Last I left off, I was researching Richard Schober at the Newberry Library. He was not my only find that day. Nor the biggest find.
Back then, the Newberry was a rare place offering free access to the Chicago Tribune’s digital archives. I was full of confidence after my first stab at detective work, so I decided to keep going. I knew had relatives in Chicago at the turn of the 20th century. Maybe I could find a marriage announcement or something. Without too much thought, I typed my surname into the search box.
I hope you’re hearing the alarm blaring in your head. I did not hear it in mine.
Chicago Tribune, Feb. 2, 1914
I am pretty sure my jaw dropped cartoon-style. That was MY surname, but in a story I had never ever heard—and I knew some family stories. Gas and a dead lady? In a hotel? What WAS this?
No one in my family had ever heard of this story, either. Believe me, I called them as soon as I got home. They were just as dumbfounded.
After many years, this is what I have pieced together.1
1600 Wells St. wasn’t exactly a hotel. Going by Sanborn insurance Maps and various want-ads, it was a saloon with rooms for rent upstairs. They could be configured as either apartments or hotel rooms.2 By 1919, the owner was in danger of being arrested for violating the dry laws, and by 1922 the building was for rent as an ice cream parlor. Ah, prohibition.
But before that, some people died there. The year after Frank and Christina, two more guests met their end: John Sloan by poison… and George Messner by a gas leak.
According to Deborah Blum’s excellent book, The Poisoner’s Handbook, death by gas leak was a common occurrence at this time. Gas-lit lamps were in homes everywhere. A damaged valve, a crack in the pipe weld — or a deliberate act — paired with a closed room, created many unwitting victims.
(Note: Two weeks after I wrote this, researching something completely unrelated, I found a whole other similar story: two people/hotel/gas/1910s, in New York. It was a thing.)
Frank and Christina had been seeing each other for about a month, and quite often. She had not been in the US long. Her surname was actually Milavec, and she was a seamstress.3 This article from the Inter-Ocean indicates the police were leaning toward calling it an accident, but that Frank’s housemate might have a story to tell.
Perhaps he is why the inquest decided it was probably a murder-suicide, but they couldn’t determine who was murdered, and who was the suicide. Contemporary reports indicate they were leaning toward blaming Christina, possibly because he refused to marry her. However… if they were in a dire situation, that would also give Frank motive to make a fatal decision.4, 5
Or, perhaps like Messner a year later, it was a mere accident. Frank told his neighbors he would come home, which supports the accident theory. We can never know.
That part about the stuff in his pockets always gets to me. I still wish I knew what show they had gone to see. Maybe that would tell me something. But that, too, is unknowable. So much is. So much is guesswork and pasting together of scraps.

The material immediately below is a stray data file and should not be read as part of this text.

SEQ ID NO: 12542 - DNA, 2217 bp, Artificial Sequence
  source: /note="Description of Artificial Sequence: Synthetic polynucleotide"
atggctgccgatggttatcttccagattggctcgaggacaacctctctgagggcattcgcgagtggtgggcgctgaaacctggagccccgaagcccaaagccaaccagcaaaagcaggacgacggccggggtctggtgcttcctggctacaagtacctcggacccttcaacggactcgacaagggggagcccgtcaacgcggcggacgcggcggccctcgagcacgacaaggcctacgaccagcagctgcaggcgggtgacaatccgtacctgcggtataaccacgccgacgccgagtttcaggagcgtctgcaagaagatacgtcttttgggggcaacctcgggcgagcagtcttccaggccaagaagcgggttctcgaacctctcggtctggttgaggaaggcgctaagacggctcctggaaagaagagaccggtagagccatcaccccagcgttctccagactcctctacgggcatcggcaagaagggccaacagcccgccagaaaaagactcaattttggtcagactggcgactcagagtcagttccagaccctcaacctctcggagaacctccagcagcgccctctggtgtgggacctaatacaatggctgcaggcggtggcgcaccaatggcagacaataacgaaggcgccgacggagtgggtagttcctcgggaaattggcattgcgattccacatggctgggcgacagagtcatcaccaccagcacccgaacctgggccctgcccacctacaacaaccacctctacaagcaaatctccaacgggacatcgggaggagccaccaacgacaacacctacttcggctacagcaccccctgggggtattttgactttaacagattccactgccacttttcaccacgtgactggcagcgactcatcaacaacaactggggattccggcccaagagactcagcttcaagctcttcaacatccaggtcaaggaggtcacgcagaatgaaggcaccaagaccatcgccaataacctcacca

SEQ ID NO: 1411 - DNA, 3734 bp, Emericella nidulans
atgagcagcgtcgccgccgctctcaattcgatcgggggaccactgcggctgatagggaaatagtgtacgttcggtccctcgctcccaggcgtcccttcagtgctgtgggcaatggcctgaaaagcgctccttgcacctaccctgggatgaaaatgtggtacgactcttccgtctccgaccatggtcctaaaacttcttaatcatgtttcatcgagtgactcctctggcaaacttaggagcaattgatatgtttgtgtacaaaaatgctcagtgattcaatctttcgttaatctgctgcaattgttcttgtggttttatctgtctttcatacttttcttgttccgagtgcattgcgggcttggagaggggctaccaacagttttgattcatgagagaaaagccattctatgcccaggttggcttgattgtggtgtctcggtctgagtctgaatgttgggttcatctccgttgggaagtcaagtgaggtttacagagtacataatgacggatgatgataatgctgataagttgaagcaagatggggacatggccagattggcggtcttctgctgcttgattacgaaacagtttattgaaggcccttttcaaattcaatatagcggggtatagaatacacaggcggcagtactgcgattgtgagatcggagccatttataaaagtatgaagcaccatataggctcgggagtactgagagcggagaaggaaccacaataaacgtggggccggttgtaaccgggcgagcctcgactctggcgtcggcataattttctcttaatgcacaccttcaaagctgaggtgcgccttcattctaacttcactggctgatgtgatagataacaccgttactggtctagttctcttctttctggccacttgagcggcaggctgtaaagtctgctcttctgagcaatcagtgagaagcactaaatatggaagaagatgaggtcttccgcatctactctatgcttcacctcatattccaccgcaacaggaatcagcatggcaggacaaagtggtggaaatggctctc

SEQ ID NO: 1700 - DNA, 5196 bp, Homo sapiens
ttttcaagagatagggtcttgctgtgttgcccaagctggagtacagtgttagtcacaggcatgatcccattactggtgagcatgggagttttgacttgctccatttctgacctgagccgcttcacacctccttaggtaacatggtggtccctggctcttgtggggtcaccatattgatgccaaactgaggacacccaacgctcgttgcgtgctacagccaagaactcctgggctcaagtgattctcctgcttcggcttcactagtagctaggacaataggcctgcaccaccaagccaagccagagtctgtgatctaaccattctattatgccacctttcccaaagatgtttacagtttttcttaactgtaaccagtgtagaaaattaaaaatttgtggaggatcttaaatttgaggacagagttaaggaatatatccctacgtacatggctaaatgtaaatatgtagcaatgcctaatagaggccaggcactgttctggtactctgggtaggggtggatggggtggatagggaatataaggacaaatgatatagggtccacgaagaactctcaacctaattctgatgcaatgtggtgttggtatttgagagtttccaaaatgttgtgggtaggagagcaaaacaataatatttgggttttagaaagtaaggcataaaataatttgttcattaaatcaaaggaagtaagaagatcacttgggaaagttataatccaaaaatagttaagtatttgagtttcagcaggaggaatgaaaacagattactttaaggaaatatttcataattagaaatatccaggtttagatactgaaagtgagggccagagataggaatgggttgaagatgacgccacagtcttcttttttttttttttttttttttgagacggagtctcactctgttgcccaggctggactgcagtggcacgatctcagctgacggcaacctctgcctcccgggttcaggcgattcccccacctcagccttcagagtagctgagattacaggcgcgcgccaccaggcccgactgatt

Thirteen years later, I also still don’t know exactly how Frank was connected to my family. Was he a cousin? A nephew?
What I do know: 1) By 1914 my great-grandfather Zvonimir was already living in Chicago. 2) That “E Brovet” in the contact line is Zvonimir’s brother, Emanuel, who he lived with. However Frank was related, the family knew. They just made sure to never talk about it.
Frank is buried in a pauper’s grave — ironically for my purposes, with no headstone at all — at Bohemian National Cemetery. This is 30 miles north of where the rest of the Brovets were living in Hegewisch IL. The nice lady at the cemetery office said his type of grave was meant to be temporary, which makes complete sense. If you’re an immigrant family scraping together every penny, where do you put the relative who dies suddenly in scandal?
Maybe they meant to move him later. Or maybe they wanted to be done with him.
From this distance, I imagine their struggle. He might have been a murderer. He was costing them money. It was in the newspapers. They were newly arrived immigrants — the threat of deportation was not a hypothetical. They opted to do what they could, move on, and never, ever tell the children. I get it. I don’t judge.
I still wish they had told someone, though. Because here is the real kicker: In attempting to dig up this Frank Brovet, I have found information leading to other Frank Brovets.
There were at least three Frank Brovets living in Illinois between 1900 and 1930. THREE!
They are my greatest genealogical headache. I call them, collectively, “the Franks.” I usually frown when I say it.
More on them here, in part 2. ☗
Top photo of Chicago crowd on State Street, 1912. https://www.shorpy.com/node/21536
 Chicago Tribune; Feb. 2, 1914; page 9.
 Chicago Tribune; Feb. 16, 1920; p. 26.
 “Illinois, Cook County Deaths, 1878-1994.” In the record, her last name is misspelled “Milave,” but everything else on the certificate aligns with this incident.
 The Day Book; Feb. 3, 1914; page 3.
 The Inter Ocean; Feb. 2, 1914; page 5.